Many small businesses and startups are conceived to bring new and unique products to market. Entrepreneurs often start by selling their products via local boutiques and company websites. However, to reach a wider audience and achieve greater success, you will need the bigger, broader sales channels and supply chain acumen of retail and e-commerce marketplaces to help you grow. Here’s what it takes to make that leap:
Establish credibility with major retailers
Before you can sell your product through a national retailer, you must sell it to them. In addition to pitching your product, you’ll have to pitch your company – and prove your ability to meet their requirements. Scale is an obvious point: do you have the production capacity to meet the retailer’s needs? If demand takes off, will you be able to meet it?
You also need to demonstrate your company’s credibility in a marketplace that utterly depends upon customer satisfaction – timely delivery, sufficient supply, reliable quality, and product authenticity. The gatekeepers will carefully vet new products and suppliers, so it’s important to work within an infrastructure that supports the retailer’s systems and reputation.
One key qualifier large retailers look for is the implementation of a standardized, global product identification system – you need a verifiable UPC barcode linking your product to your company. Considered the gold standard for product identification, the Global Trade Item Number (GTIN) from the not-for-profit standards organization, GS1 US, is a globally unique number encoded into a UPC barcode that also appears below the symbol’s black lines and spaces.
Understanding retailers’ barcode requirements
Barcodes allow retailers and supply chain partners to scan a product into their systems so they can record transactional events (like shipping and receiving) and facilitate efficient inventory management in warehouses and stores. The captured data helps trace the product’s location throughout its journey from the manufacturer to the consumer. The UPC in your online listing also helps make your product more discoverable in online searches.
Sonya Hernandez, founder of clean haircare brand Recover Restore Gro, took the advice of a RangeMe representative and obtained her products’ barcodes from GS1. “I wanted to make sure that my UPCs came from the original, the authentic, and the trusted source,” said Hernandez. “Because if I’m going to present my business in front of a company like Amazon or Ulta, I want to have the right company behind me that is verified.”
Retailers, laser-focused on customer satisfaction, are committed to preventing the sale of counterfeit products in their stores or on their sites. Many will only accept UPCs sourced directly from GS1. This assures authenticity and is an essential foundation for your company’s credibility with retailers and their customers. Codes purchased from third parties cannot be relied upon to identify your company as the verified brand owner accurately. A reused or invalid UPC purchased from a third party can lead to your product being delisted by an online marketplace and rejected by stores, adding to your relabeling and reshipping costs.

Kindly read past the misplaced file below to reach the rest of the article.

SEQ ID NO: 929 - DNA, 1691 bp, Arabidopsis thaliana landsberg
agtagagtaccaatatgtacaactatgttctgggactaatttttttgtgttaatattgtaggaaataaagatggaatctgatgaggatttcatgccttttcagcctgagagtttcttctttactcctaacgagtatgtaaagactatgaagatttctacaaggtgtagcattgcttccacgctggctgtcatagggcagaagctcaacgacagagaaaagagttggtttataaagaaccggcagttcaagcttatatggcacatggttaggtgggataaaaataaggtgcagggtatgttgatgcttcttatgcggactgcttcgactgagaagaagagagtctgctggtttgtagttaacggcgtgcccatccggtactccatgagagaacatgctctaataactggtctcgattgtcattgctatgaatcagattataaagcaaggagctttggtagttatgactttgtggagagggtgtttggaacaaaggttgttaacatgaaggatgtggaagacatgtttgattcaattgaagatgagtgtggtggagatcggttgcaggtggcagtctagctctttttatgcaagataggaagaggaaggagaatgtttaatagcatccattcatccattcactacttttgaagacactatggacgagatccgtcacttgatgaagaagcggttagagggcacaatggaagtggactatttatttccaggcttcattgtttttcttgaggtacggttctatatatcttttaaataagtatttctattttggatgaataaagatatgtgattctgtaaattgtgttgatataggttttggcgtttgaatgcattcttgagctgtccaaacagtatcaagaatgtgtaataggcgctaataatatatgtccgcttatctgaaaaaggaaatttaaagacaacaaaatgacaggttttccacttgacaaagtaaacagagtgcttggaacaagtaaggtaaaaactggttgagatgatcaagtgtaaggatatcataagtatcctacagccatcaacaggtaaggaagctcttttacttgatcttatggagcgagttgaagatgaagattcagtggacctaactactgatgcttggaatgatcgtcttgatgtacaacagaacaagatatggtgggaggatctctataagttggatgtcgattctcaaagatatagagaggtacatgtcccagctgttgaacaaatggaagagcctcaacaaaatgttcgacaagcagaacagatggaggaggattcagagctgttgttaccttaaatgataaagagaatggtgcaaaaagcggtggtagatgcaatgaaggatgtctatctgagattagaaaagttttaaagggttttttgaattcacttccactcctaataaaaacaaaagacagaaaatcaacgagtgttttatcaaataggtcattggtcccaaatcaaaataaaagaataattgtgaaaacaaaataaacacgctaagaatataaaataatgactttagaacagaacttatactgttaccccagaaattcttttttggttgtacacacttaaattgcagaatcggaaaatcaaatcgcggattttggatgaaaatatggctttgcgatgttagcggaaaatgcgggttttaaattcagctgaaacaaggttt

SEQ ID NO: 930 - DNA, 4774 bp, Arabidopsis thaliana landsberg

It’s easy to get a GTIN
Several options are available for obtaining UPCs that make it easy and affordable for any sized business. A single GTIN can be purchased for $30, so one new product can be qualified for retail sales without a heavy lift. If you plan to launch 10 or more products or product variations such as flavors, bundles, etc., you can create authentic GTINs in bundles of 10, 100, and other bulk quantities with a licensed GS1 Company Prefix.
Lisa Lane, founder of Rinseroo, an at-home shower cleaning and dog washing product, saw licensing her GTINs from GS1 US as a way to be ready for growth, including international expansion. “The importance of sourcing our GTINs from GS1 US was that we knew they would be useful for when we scale beyond local regions and into international markets.”
Stepping it up a notch
Compiling robust product information is another important step to prepare your product for growth. For example, Bear’s Breath, a growing brand of spicy ketchups, is committed to providing full product details and clean ingredient listings to elevate consumers’ perception of condiments. “In general, more grocery stores are noticing that customers are shifting their preferences and that there’s a nutritional awakening happening,” said Taylor Rausch, Bear’s Breath’s founder. “Being uniquely identified in the marketplace is the baseline entry for us.”
While the traditional, linear barcode is required, a newer, higher-tech alternative is also available that can add significantly more value to the entire supply chain. A two-dimensional (2D) barcode, such as a QR code with an embedded GS1 Digital Link, can carry exponentially more data than its linear predecessor to support interactive brand promotion, advanced analytics, and improved supply chain visibility. These web-enabled 2D barcodes can help enhance customer engagement by providing increased access to detailed product information like recipes, sustainable practices, and more. The opportunities are boundless, and the retail industry has committed to be able to scan 2D barcodes at POS in stores by 2027, in addition to the linear barcodes that are the norm today.